Community and religious groups are reporting an increase in scams targeting undocumented immigrants in the wake of Utah's immigration reforms.
Rose Maizner, director of development at the Enriching Utah Coalition, said her group has received so many calls from people saying they have been approached by unscrupulous vendors selling phony guest-worker permits that her nonprofit is using its crisis line.
"Everyone is both confused and excited," Maizner said. "Fraud has been an issue in the community in the past, but with the new legislation, it's almost like the fraud has been sanctioned or legitimized."
She said reports of bogus guest-worker permits began appearing as early as December, when Sen. Luz Robles, D-Salt Lake City, unveiled a bill aimed at creating a pilot guest-worker program run by the state. That measure never made it out of the Senate.
But when HB116 passed and was signed by Gov. Gary Herbert two weeks ago, the calls increased.
HB116, sponsored by Rep. Bill Wright, R-Holden, also establishes a state-run guest-worker program, but requires federal waivers to operate. Among the provisions are a requirement for those already living in Utah without documents to pay a $2,500 fine to get a guest-worker permit or a $1,000 fine if the undocumented person overstayed a visa.
It doesn't take effect until 2013 and never will unless the federal government allows it.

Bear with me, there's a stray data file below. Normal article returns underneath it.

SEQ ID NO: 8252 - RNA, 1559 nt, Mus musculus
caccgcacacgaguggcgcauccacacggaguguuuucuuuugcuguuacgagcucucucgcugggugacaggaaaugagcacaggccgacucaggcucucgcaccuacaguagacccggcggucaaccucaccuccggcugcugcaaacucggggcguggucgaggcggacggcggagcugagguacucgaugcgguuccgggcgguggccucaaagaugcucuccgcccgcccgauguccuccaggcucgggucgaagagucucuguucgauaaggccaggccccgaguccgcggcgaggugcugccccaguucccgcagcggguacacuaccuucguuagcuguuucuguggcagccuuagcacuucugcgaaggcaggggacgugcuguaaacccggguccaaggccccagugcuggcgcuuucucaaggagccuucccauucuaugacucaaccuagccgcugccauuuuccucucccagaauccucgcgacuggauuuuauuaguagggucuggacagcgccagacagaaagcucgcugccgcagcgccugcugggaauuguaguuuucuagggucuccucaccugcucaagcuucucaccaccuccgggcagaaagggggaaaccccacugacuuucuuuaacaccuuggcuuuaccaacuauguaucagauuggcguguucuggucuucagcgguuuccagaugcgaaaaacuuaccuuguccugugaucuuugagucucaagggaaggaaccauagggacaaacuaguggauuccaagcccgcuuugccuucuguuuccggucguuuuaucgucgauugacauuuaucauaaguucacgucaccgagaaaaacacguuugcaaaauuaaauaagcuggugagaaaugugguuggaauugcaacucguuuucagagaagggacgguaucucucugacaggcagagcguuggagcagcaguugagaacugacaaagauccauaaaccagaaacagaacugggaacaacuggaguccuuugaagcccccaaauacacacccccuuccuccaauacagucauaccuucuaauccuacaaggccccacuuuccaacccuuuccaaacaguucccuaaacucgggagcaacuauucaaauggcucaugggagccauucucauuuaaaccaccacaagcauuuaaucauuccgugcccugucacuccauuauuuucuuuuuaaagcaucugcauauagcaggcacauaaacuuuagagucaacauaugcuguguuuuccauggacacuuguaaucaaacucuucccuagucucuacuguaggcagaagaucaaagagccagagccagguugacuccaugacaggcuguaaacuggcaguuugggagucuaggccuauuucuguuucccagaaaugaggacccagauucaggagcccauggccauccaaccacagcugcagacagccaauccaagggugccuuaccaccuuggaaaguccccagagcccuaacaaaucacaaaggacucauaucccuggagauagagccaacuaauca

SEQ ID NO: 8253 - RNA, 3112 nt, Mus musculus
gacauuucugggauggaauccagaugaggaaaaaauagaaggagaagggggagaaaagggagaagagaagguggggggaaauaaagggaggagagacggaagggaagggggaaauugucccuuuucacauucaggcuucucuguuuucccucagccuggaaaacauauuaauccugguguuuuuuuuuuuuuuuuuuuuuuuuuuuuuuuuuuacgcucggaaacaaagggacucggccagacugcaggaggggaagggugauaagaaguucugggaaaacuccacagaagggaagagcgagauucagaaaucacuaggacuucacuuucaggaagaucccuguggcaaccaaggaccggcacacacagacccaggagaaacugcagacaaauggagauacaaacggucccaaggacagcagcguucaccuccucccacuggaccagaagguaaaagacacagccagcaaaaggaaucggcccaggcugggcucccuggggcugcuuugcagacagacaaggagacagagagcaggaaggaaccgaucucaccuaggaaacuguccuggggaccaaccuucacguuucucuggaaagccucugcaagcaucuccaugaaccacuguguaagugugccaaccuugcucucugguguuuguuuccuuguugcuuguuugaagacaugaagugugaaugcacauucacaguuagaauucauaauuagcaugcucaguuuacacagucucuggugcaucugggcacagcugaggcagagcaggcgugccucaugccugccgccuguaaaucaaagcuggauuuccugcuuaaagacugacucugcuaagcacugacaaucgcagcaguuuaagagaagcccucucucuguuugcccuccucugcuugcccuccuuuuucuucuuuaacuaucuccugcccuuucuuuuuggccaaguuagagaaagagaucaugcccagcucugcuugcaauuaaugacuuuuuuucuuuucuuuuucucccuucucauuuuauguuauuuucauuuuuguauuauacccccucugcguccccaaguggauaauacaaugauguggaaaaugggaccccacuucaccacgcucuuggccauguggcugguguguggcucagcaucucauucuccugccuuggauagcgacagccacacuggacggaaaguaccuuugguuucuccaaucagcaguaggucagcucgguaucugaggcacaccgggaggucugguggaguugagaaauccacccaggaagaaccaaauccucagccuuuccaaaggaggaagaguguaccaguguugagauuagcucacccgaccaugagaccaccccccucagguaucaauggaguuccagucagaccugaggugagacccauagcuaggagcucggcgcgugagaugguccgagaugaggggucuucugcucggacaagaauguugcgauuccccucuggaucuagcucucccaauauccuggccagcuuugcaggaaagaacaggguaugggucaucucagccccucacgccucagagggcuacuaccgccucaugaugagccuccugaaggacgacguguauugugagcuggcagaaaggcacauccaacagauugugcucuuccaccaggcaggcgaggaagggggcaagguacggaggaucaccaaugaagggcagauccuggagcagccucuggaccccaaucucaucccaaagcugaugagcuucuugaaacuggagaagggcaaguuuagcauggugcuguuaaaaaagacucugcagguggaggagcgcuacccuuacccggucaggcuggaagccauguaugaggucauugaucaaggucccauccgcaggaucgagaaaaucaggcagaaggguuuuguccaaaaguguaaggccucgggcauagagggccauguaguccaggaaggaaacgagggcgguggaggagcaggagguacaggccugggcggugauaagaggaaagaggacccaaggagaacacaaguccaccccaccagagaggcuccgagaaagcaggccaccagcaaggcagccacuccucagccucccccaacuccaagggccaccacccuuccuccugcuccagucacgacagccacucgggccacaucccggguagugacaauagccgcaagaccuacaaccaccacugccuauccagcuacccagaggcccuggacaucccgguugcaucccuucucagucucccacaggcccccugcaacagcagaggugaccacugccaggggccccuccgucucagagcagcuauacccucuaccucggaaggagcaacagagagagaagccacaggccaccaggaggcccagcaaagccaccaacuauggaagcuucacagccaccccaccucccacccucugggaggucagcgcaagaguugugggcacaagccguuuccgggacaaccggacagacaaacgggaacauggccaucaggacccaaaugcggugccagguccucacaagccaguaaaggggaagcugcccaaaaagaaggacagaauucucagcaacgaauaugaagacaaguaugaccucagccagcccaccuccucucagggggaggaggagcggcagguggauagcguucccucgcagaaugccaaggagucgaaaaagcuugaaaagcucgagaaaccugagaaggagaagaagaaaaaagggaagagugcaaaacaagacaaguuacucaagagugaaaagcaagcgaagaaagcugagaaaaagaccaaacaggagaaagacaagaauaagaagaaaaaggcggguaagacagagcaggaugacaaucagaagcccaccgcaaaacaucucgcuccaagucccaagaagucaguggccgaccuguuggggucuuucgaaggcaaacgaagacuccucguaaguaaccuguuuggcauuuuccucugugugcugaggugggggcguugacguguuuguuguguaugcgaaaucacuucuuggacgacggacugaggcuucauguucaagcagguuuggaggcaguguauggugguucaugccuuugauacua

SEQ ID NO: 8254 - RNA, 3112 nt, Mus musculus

Maizner said scammers are using the $2,500 figure to rope people into buying a guest-worker permit, though she hasn't seen anyone actually try to buy one yet.
The Catholic Diocese of Salt Lake City also is troubled by the rise in guest-worker permit fraud. Spokeswoman Colleen Gudreau said the diocese sent a leaflet to all 49 parishes last week warning parishioners of the potential problem.
"Immediately after the legislation was passed, we got reports of the scams through our people at Holy Spirit Ministries," Gudreau said. "It is a scam and we want everyone to be aware of it."
Bishop John C. Wester also cautioned people in an open letter posted on the Intermountain Catholic website not to fall for fake guest-worker permits.
Jennifer Bolton, spokeswoman at the Utah Department of Commerce, said no cases of fraud have made it to the state Division of Consumer Protection, but added that any complaints about a person unwittingly buying a guest-worker permit would be investigated.
Bolton said the early reports of those being approached to buy the fake permits were "alarming" and that the department would monitor any developments.
Paul Murphy, spokesman for Attorney General Mark Shurtleff, said his office'sSECURE Strike Force unit which investigates fake-identification mills, licenses and other immigration fraud "is on the lookout" for phony permits.
Free seminar set
What • Enriching Utah Coalition seminar on the state's immigration reforms
Where • Horizonte Training and Instruction Center, 1234 S. Main St., Salt Lake City
When • 5:30 p.m. Friday